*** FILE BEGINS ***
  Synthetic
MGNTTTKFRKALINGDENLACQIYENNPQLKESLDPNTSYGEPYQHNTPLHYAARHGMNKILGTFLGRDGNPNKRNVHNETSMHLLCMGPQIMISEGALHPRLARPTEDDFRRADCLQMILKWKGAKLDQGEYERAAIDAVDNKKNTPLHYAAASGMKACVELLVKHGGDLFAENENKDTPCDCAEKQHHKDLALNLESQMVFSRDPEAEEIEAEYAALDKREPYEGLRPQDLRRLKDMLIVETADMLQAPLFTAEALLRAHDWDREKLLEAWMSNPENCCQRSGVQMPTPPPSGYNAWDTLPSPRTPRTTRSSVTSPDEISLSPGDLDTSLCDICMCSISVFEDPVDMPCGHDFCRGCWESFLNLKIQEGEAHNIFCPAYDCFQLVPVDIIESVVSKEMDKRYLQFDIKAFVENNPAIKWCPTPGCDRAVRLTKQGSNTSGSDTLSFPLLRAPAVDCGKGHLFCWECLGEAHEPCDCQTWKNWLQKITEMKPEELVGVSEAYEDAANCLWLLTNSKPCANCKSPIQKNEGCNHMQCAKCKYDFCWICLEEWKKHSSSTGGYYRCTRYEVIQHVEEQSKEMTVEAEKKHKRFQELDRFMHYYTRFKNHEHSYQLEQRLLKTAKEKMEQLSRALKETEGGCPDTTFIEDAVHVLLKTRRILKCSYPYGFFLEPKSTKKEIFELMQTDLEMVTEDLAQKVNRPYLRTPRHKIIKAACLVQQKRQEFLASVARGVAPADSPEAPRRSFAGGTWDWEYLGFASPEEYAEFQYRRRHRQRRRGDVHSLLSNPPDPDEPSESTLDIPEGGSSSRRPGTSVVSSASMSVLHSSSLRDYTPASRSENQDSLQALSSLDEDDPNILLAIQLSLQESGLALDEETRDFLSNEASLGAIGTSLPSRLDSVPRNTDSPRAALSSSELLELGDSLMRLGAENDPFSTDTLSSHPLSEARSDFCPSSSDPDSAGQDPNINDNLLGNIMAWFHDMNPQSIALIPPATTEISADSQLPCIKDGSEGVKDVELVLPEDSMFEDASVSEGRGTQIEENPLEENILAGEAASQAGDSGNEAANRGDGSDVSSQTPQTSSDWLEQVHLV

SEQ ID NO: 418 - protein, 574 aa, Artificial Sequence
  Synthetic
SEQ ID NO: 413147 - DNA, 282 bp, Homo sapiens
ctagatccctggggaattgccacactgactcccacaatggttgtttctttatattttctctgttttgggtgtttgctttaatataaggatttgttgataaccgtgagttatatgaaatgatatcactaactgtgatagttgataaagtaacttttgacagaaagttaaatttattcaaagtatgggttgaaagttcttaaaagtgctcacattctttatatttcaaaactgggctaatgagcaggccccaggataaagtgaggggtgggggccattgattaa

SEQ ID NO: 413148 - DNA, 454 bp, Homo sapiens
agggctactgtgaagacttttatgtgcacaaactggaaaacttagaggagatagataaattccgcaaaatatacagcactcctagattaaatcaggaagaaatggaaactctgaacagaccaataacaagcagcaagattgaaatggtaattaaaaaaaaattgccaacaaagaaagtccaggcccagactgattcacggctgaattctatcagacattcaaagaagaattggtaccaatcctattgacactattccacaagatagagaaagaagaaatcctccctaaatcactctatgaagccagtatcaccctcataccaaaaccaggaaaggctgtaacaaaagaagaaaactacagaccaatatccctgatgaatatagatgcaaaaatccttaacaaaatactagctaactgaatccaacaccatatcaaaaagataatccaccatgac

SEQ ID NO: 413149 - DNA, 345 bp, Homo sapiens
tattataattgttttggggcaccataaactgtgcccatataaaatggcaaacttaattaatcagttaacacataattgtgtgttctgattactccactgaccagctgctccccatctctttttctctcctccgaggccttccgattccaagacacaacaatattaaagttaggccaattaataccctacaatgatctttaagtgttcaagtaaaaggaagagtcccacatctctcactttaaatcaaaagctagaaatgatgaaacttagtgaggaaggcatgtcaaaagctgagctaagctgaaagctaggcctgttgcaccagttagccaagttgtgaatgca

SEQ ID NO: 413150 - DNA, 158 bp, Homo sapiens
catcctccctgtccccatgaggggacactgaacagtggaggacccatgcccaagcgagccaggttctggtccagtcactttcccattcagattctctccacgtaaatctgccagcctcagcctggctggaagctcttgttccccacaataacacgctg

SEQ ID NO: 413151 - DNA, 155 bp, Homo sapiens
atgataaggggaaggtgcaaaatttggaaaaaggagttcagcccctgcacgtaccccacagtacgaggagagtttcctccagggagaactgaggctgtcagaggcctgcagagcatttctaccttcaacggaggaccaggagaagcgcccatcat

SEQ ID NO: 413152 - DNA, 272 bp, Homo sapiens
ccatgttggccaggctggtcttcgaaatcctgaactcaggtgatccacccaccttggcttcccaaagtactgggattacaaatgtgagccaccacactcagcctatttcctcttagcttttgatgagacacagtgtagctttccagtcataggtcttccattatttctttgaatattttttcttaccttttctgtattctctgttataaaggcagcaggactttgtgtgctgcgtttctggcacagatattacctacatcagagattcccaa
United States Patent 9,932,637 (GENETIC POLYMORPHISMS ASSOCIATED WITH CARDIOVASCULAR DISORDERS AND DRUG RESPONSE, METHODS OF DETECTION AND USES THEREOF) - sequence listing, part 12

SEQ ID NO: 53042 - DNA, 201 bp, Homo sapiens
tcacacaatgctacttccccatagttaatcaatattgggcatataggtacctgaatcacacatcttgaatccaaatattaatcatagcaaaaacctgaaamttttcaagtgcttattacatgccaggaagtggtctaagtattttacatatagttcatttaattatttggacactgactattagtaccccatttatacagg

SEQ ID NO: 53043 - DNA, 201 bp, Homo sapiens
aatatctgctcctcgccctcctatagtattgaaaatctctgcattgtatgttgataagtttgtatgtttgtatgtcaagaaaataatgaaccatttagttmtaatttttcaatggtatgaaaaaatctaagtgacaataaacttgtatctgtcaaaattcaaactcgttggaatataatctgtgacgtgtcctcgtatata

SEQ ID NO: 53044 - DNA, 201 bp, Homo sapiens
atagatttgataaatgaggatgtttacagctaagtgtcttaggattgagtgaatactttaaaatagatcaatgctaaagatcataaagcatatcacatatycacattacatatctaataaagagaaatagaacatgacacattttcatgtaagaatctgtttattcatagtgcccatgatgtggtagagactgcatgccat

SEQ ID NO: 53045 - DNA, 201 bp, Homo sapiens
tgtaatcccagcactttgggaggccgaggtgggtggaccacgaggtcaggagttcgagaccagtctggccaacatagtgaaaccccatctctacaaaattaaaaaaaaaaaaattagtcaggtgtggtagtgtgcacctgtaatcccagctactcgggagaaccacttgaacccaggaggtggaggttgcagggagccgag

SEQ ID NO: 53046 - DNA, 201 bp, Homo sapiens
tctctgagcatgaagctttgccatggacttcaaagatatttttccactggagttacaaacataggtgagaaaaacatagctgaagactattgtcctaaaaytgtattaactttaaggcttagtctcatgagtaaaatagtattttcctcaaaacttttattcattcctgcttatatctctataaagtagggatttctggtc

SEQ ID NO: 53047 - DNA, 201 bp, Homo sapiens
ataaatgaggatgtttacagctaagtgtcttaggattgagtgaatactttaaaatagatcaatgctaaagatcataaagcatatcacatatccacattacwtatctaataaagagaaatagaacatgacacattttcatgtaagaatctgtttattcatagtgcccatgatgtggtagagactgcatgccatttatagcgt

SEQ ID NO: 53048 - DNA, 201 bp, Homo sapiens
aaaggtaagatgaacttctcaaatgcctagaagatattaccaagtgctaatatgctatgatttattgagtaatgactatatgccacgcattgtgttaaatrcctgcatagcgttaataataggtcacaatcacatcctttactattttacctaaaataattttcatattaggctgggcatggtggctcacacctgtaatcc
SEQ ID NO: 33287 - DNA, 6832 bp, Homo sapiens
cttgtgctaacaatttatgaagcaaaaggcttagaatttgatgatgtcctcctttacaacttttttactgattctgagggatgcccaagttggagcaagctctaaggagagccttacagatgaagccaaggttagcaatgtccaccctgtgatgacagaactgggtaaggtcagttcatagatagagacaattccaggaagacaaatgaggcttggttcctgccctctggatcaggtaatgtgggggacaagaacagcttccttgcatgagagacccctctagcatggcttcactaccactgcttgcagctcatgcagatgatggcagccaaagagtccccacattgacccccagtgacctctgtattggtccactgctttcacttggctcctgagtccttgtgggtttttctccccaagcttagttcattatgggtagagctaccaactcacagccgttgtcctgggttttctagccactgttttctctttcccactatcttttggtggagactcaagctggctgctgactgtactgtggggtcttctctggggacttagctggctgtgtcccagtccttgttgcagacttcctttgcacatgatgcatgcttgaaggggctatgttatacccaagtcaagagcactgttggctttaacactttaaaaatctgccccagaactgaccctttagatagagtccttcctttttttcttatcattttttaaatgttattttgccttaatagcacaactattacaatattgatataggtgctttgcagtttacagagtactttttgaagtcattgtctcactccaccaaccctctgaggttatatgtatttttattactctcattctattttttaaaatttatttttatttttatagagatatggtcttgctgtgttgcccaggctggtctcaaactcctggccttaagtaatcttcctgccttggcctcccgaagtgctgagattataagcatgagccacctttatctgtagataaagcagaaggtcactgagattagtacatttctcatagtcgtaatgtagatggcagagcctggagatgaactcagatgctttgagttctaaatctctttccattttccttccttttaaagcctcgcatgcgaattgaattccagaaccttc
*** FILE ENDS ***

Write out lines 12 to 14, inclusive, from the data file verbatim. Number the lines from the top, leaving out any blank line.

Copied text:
catcctccctgtccccatgaggggacactgaacagtggaggacccatgcccaagcgagccaggttctggtccagtcactttcccattcagattctctccacgtaaatctgccagcctcagcctggctggaagctcttgttccccacaataacacgctg

SEQ ID NO: 413151 - DNA, 155 bp, Homo sapiens
atgataaggggaaggtgcaaaatttggaaaaaggagttcagcccctgcacgtaccccacagtacgaggagagtttcctccagggagaactgaggctgtcagaggcctgcagagcatttctaccttcaacggaggaccaggagaagcgcccatcat